We have lost patience with ourselves. In the modern world where everything can be bought at the push of button, getting a date requires a simple swipe to the right and that fame and success can be achieved for no apparent reason, is it any wonder that people can’t wait? Sports then are moving with the times. They have to compete to hold our attention, which is decreasing rapidly. It has to be exciting and entertaining immediately. I understand that as a ‘consumer’ of sport I now have a great deal of choice on what I watch and what I participate in. There is some money to be made from me. However I think this misses one of the fundamental reasons for being involved in sport as part of a lifetime of activity. Sport is a narrative, of both thoughts and emotions. We play and watch to follow that narrative. If played at a relentless pace, there is no rhythm. The in built pauses within a game allow us time to reflect and contemplate about the narrative and whether we can change it (or not if we are watching a team we care about). Without slowing things down we end up only caring about winning or losing. There is no time to admire brilliance, show empathy for defeat and encourage sportsmanship.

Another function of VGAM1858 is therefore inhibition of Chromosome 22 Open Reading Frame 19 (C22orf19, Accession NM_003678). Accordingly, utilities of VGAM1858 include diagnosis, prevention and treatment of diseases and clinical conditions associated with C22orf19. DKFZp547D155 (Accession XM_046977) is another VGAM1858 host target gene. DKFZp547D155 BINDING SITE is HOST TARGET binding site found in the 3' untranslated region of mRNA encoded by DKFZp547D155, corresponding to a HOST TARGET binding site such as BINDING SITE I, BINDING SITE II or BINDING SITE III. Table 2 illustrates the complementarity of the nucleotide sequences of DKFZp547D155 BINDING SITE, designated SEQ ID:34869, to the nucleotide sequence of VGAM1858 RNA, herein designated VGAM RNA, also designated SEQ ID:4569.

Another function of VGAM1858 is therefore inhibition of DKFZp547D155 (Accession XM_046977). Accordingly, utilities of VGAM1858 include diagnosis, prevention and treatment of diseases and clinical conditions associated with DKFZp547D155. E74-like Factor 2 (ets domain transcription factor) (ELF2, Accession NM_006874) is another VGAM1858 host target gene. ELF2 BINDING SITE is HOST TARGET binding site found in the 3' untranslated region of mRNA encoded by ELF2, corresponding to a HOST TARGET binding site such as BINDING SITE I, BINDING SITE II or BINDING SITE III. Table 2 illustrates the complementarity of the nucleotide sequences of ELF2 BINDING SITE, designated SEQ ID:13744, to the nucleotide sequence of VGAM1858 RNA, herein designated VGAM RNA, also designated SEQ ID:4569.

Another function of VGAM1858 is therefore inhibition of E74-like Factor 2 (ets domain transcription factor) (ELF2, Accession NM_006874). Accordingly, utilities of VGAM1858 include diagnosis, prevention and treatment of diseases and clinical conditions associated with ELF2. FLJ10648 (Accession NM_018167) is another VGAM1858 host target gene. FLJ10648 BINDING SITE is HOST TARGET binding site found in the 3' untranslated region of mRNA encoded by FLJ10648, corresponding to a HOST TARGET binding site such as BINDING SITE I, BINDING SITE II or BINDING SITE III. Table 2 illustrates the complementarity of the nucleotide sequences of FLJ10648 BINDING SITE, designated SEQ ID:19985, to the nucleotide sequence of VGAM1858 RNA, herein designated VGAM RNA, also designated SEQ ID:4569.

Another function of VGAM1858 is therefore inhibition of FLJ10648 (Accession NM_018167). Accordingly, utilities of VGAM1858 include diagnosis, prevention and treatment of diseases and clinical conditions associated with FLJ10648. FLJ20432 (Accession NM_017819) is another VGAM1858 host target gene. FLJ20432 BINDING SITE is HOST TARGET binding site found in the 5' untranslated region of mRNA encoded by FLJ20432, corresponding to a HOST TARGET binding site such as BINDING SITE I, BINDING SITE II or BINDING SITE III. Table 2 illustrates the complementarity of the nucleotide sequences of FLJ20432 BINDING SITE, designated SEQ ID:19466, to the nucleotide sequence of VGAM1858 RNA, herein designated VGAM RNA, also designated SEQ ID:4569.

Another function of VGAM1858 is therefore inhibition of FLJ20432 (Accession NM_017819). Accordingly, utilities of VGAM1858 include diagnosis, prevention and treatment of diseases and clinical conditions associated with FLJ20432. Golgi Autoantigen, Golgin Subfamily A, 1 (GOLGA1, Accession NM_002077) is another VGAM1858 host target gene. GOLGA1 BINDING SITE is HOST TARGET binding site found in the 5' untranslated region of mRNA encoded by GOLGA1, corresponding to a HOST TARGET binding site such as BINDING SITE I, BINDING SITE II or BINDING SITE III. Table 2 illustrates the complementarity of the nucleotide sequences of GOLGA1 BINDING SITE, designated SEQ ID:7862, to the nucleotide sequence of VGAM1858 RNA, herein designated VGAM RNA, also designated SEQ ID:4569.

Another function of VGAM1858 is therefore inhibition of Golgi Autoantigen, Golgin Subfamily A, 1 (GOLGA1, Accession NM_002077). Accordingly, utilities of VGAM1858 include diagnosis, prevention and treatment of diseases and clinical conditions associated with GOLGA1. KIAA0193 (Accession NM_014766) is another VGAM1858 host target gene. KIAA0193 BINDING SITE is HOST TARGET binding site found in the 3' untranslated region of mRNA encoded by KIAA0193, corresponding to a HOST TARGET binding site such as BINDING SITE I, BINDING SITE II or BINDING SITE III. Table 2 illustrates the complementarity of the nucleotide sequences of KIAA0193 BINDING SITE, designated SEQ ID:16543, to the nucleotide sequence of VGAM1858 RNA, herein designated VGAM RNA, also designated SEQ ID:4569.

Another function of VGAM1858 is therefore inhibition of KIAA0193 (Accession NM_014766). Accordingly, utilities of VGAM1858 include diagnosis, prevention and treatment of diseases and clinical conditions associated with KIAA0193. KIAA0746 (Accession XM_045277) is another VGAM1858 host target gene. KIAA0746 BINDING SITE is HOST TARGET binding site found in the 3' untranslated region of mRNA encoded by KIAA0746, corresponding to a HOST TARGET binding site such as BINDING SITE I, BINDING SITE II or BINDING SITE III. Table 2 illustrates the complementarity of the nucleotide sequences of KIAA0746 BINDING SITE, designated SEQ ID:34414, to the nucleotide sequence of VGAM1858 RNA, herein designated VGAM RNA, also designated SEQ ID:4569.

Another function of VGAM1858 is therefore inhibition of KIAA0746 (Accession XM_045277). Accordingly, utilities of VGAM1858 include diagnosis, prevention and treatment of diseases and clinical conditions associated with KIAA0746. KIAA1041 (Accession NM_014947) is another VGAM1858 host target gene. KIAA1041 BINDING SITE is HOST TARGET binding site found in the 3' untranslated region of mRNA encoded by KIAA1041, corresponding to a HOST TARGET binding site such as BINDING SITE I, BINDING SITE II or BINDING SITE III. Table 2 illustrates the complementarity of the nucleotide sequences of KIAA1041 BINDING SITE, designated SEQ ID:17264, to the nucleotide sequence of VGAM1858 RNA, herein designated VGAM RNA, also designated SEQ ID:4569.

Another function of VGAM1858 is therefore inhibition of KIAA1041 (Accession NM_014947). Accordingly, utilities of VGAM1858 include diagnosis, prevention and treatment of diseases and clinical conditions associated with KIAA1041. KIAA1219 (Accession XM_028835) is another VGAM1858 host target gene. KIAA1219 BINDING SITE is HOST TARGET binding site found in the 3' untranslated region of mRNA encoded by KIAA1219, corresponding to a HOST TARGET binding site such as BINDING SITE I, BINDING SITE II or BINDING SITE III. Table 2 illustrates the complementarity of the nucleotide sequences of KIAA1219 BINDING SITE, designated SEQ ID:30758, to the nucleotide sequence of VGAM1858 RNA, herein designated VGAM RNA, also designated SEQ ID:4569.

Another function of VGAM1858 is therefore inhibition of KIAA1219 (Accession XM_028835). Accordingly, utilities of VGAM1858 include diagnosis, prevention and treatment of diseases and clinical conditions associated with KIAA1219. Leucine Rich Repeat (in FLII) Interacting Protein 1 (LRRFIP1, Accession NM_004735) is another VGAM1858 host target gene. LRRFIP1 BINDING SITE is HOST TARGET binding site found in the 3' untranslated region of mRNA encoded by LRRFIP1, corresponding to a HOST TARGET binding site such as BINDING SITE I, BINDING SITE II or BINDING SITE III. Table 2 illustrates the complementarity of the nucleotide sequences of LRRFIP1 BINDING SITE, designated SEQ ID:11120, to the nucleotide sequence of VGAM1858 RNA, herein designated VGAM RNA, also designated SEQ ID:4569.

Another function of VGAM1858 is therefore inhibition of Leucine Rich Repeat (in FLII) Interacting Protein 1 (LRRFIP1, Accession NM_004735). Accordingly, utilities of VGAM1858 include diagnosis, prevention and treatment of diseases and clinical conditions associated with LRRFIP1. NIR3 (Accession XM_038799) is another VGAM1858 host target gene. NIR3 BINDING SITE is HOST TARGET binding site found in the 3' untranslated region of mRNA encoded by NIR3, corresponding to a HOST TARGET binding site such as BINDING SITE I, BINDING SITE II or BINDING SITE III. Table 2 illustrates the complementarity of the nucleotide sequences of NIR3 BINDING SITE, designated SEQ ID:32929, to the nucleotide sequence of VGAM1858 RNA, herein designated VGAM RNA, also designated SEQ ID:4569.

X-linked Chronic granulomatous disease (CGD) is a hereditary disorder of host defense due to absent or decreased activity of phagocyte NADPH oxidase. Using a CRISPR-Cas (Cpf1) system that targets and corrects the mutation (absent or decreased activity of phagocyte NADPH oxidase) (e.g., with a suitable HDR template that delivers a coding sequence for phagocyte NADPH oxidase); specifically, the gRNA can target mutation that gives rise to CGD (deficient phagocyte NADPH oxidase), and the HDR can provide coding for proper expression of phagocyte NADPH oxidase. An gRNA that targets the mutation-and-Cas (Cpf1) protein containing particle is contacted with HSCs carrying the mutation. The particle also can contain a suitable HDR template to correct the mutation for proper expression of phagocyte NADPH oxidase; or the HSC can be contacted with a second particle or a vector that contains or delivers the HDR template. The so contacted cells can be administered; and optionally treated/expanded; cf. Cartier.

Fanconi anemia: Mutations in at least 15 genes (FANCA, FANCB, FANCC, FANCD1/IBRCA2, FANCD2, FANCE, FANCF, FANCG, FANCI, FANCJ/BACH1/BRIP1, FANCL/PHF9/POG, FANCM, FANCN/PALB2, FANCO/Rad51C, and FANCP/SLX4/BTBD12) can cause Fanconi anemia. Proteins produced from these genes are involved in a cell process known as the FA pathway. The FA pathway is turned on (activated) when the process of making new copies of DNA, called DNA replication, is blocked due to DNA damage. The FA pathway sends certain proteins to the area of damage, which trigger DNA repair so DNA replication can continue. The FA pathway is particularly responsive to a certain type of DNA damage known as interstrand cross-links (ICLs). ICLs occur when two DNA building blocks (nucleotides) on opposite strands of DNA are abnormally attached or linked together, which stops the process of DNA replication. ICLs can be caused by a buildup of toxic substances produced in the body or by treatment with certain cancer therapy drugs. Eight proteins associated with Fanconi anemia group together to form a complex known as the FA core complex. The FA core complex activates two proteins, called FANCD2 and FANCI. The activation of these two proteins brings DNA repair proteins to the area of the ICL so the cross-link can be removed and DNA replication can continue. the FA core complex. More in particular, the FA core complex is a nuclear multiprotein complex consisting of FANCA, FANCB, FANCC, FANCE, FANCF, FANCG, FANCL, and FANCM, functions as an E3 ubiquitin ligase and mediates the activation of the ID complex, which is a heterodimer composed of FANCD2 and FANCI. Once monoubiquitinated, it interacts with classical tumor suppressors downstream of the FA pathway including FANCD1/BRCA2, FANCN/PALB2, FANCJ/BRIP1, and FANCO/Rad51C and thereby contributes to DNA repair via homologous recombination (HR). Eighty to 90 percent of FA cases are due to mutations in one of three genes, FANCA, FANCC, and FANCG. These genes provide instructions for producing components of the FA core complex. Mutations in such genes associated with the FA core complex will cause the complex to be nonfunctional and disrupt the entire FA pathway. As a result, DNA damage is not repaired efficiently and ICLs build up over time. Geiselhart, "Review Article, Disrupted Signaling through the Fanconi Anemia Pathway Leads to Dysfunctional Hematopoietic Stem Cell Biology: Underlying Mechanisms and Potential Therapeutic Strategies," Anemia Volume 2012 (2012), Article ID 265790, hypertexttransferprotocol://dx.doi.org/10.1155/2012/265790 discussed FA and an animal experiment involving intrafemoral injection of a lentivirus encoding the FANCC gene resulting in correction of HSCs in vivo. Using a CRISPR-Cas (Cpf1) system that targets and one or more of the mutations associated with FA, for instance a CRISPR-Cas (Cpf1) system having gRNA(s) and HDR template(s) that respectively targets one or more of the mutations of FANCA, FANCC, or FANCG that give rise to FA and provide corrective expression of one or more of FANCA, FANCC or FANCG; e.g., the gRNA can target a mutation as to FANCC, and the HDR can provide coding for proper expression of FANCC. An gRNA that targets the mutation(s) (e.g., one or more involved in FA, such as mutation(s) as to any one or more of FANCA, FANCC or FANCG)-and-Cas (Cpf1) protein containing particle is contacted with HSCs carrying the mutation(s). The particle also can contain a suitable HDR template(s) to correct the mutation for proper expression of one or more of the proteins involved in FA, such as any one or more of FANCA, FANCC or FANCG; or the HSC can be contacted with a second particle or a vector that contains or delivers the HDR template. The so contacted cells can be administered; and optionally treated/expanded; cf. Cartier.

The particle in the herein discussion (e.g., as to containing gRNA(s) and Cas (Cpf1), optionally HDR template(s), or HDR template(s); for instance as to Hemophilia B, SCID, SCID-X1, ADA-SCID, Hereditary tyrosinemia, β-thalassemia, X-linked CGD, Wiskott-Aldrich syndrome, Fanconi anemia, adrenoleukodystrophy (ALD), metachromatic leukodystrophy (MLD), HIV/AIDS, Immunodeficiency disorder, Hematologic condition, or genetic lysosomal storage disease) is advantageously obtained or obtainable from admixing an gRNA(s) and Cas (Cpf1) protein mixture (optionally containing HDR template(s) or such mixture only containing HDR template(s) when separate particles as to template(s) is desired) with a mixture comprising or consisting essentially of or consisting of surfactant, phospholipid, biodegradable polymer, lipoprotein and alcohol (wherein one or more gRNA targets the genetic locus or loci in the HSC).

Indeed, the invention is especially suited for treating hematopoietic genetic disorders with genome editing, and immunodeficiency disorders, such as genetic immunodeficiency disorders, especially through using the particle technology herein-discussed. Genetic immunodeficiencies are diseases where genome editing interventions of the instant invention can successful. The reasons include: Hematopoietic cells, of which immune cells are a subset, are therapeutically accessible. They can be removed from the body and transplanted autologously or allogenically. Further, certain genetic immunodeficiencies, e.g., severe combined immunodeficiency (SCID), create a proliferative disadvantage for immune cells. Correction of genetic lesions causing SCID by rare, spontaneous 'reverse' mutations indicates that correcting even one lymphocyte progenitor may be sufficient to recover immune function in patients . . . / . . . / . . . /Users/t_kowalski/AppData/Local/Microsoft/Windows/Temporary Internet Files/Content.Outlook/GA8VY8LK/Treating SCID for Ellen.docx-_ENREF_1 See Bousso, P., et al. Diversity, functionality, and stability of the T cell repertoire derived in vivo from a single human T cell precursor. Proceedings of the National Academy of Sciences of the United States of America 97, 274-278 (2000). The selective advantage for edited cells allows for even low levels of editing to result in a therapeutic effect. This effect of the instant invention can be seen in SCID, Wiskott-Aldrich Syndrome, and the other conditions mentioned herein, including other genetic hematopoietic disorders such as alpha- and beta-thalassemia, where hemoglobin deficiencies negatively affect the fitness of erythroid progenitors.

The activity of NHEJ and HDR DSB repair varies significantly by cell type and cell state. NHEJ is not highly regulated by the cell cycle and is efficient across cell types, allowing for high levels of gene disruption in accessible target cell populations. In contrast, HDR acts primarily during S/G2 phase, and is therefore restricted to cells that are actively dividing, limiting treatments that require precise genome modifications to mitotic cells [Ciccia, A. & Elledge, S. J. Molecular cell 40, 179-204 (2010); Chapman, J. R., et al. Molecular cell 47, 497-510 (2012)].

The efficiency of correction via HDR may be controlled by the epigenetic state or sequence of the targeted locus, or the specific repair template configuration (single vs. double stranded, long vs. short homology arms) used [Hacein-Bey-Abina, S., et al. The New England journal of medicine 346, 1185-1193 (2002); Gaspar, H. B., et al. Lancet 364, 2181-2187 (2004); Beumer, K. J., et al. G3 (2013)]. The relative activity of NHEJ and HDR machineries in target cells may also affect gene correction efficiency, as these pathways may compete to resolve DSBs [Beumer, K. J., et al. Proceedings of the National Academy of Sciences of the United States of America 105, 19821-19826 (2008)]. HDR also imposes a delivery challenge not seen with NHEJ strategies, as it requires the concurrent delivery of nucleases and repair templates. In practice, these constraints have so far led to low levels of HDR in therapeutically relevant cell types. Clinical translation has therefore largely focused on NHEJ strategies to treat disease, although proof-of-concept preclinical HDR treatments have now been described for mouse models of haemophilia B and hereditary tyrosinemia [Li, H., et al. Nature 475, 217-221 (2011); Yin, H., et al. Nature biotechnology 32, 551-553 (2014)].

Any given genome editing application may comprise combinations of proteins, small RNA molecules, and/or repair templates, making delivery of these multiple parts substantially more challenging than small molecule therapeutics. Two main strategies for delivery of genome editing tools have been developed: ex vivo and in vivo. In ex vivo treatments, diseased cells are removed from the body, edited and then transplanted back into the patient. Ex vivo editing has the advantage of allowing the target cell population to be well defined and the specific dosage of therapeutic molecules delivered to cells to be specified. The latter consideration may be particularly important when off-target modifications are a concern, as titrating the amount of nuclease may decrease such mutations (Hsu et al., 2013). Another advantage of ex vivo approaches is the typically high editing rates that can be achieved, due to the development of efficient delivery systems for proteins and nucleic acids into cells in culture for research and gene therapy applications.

Looking after our minds and our bodies takes time. We are always looking for some quick fix, and whilst some research out there shows that there may be some potential through HIT and certain diets, they can end up failing us. Anything that is done at speed is usually focused on the outcome. Increase my power. Drop a few pounds. Our bodies need to last a lifetime. We need to make time for them, not excuses, to move both vigorously and slowly. To take pleasure in that movement and to make time for it as part of our lifestyle. Trying to rush all our experiences, especially with our body, means we fail to connect with it. We don’t listen to it any more. We fail to respond to its needs, we live just in the mind. We might as well plug ourselves into Hilary Putnam’s brain in a vat. If we fail to look after our body, then our body and our mind will fail us when we need them the most.